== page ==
Dr Zainab Al-Attar, a Senior Lecturer and Chartered/Registered Forensic Psychologist, University of Central Lancashire, also highlights that there is no empirical evidence to show that people on the autism spectrum are at increased risk of engaging in terrorist offences nor that autism is over-represented in terrorist offenders. Dr Al-Attar also highlights the role played by autistic special interests, fantasy, obsessionality, need for routine/predictability, social and communication difficulties, cognitive styles, local coherence, systemising, and sensory processing, in terrorism pathways and modus operandi (Al-Attar, 2016).

One recent case which provides some understanding as to the role played by autistic special interests is that of the Mark Alexander Harding (21) who was sentenced to 18 months probation for downloading copies of the terrorist magazines Inspire and Palestine which are created by the global terrorist group formerly headed by Osama bin Laden. Harding had posted 5,000 comments, some supporting the so-called Islamic State, on the internet forum 4Chan – an English-language imageboard website containing hundreds of threads about numerous subject matters. Additionally, police also found that he has amassed on his computer ‘a large number’ of images and audio material stored in two folders named ‘Islam’ and ‘Nasheed’. It was recognised that Harding had not been radicalised and his online persona was a by-product of his autism which caused him to develop obsessions over specific subjects. One argument that has been suggested is that Harding’s use of the internet forum was evidence that he was ‘acting out’ his angers and frustrations.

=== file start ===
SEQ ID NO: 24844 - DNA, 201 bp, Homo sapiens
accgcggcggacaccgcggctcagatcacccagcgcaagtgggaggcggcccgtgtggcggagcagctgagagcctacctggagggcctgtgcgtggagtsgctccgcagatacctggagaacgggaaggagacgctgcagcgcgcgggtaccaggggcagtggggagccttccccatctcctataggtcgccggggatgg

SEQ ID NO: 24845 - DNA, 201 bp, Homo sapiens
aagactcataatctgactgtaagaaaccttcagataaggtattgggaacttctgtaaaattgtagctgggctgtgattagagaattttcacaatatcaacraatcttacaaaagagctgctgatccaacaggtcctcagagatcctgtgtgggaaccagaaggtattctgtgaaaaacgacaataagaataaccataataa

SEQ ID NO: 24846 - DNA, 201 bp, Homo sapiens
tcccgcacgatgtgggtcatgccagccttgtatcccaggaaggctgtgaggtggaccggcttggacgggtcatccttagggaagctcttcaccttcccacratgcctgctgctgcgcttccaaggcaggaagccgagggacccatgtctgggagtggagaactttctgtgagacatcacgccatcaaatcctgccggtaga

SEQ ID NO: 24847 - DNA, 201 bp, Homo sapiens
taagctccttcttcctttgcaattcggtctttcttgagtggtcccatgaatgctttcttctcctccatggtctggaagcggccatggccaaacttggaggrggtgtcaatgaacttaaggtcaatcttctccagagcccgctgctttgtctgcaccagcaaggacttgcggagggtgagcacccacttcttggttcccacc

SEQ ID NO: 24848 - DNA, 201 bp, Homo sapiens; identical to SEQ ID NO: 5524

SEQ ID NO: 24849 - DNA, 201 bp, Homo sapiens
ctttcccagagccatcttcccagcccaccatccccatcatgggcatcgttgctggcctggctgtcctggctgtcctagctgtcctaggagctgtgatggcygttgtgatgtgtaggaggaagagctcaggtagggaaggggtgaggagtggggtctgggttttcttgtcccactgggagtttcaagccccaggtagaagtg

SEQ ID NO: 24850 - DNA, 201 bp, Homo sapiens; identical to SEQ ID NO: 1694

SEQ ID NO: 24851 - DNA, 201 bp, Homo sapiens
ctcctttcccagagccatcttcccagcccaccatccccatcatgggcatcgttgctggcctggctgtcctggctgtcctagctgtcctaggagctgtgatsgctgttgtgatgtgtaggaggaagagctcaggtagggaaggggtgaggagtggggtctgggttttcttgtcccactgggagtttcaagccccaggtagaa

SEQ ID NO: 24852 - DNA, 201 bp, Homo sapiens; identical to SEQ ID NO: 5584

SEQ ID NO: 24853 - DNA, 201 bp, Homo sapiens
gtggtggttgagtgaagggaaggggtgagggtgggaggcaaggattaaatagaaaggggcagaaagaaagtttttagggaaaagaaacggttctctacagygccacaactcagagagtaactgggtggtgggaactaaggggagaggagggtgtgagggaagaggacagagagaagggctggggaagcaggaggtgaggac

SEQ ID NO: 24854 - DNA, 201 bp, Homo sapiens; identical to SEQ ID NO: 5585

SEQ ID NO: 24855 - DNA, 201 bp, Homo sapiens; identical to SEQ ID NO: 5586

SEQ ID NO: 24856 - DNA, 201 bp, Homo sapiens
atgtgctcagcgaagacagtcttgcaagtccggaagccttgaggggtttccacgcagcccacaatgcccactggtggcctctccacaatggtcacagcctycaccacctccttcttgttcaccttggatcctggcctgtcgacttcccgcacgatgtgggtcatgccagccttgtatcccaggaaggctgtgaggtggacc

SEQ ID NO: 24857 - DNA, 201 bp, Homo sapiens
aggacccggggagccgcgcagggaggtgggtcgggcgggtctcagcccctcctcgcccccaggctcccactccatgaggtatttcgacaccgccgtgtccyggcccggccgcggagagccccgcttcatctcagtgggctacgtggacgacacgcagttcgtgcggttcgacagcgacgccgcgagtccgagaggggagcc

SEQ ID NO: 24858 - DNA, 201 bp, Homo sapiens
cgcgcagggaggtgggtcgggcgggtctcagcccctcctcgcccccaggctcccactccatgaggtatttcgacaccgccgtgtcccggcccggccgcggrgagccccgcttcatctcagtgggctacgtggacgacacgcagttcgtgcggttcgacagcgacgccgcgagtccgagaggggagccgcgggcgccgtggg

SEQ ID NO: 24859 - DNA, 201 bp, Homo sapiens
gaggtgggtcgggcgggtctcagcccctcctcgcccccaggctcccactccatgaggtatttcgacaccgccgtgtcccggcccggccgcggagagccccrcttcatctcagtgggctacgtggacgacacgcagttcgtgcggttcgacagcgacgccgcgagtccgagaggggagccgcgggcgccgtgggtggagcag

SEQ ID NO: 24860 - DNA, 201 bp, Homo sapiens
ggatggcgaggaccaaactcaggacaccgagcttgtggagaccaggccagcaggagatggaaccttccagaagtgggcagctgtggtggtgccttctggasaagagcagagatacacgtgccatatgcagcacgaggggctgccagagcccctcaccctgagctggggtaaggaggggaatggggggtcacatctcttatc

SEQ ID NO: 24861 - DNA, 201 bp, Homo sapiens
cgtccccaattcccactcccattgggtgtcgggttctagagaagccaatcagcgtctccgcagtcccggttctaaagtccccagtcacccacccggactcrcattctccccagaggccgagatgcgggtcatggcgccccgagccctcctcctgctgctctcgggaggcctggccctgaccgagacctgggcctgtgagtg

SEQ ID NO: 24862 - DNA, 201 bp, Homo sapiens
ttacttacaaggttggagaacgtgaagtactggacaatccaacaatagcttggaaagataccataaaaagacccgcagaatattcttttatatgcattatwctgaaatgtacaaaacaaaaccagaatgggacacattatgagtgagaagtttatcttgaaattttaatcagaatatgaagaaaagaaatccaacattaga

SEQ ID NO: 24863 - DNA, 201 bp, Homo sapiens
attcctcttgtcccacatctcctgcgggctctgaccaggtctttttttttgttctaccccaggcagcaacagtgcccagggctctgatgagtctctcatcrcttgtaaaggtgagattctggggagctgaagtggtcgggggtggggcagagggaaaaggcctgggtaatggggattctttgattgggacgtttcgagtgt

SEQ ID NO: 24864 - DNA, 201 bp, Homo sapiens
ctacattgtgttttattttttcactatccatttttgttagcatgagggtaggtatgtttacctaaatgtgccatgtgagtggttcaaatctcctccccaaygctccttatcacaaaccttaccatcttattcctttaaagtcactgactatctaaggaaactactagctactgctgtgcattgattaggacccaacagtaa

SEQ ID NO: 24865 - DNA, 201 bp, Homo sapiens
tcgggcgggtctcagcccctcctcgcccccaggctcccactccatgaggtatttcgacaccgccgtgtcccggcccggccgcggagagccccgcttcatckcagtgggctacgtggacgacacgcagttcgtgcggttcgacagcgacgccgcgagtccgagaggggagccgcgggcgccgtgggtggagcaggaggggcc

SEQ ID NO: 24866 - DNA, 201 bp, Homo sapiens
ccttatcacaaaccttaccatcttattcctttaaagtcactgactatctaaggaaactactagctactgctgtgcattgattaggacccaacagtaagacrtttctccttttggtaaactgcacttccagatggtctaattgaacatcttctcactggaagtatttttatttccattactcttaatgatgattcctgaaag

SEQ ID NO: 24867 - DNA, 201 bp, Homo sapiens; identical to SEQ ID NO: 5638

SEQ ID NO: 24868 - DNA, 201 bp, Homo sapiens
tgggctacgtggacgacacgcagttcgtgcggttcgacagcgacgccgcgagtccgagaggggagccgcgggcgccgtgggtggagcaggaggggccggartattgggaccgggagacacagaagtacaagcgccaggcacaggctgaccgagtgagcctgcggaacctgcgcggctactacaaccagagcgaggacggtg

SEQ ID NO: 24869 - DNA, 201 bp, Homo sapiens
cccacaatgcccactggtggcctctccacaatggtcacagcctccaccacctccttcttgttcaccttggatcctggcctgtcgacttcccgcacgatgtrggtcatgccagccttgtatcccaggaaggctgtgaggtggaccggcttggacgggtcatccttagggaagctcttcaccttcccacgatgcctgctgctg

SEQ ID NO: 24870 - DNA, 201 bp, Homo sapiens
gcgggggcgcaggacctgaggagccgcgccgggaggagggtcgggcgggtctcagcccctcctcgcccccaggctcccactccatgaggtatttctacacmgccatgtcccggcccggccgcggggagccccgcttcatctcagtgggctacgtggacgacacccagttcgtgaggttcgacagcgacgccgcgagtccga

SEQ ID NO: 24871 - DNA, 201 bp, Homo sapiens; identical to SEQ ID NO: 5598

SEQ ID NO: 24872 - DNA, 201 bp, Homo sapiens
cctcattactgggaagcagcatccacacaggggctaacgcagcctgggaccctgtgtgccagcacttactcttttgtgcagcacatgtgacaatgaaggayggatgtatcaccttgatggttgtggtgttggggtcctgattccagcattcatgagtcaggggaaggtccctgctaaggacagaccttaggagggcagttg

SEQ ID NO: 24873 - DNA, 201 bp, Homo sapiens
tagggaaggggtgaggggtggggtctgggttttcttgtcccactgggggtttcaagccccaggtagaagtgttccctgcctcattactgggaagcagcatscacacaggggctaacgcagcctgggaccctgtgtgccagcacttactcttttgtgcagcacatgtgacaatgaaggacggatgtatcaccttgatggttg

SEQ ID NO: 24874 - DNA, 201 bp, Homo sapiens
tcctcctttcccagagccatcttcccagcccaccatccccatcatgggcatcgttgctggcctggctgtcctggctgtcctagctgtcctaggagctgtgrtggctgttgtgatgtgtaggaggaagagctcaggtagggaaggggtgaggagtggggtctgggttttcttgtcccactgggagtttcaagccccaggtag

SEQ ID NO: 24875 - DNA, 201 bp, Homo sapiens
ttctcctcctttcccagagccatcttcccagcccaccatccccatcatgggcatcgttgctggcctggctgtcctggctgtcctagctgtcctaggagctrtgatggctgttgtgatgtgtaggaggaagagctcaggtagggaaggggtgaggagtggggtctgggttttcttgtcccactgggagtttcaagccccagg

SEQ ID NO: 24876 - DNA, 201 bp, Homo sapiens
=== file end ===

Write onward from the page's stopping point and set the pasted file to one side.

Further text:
Radicalisation may be a broad facet and impact any type of case. There have also been some cases of individuals with Asperger’s syndrome who have become involved/radicalised in extreme right wing (XRW) terrorism. The case of Michael Piggin (18), who was diagnosed with Asperger’s syndrome, who pleaded guilty to creating numerous weaponry which included petrol bombs, pipe bombs and air rifles but denied planning to use it in attacks on his former school, a mosque and a cinema in Loughborough in the UK. Piggin was initially arrested for an offence in which he allegedly threatened two boys with a knife, but officers were horrified when they searched his home in Beaumont Road, Shelthorpe. Piggin In a Che Guevara notebook emblazoned with swastikas and the initials of the English Defence League (EDL), Piggin wrote about what the prosecution alleged were attack plans. Reports also states that Piggin had boasted at school about going on an EDL march in Leicester. The jury were also shown a video of the teenager spraying “No more mosques!” on the wall of a leisure centre. Another video shows him saying: “We are against the Muslim invasion of our country. If you are looking at us… we will kill you, yeah – we are willing to take arms to fight for this country” (Lowbridge, 2014).

It is important not to assume that autism is a risk factor for terrorism in the general population. However, when dealing with an individual with autism charged with terrorism, it is important to consider how autism may have acted as a contextual vulnerability, and to ensure justice, rehabilitation and management, are informed by an understanding of the individual’s autism (Al-Attar, 2016). Despite counter-terrorism receiving substantial levels of attention and recognition as well as financial resource, there has been much less interest in investigating the effectiveness of interventions which are preventative (Bhui, Warfa, & Jones, 2014).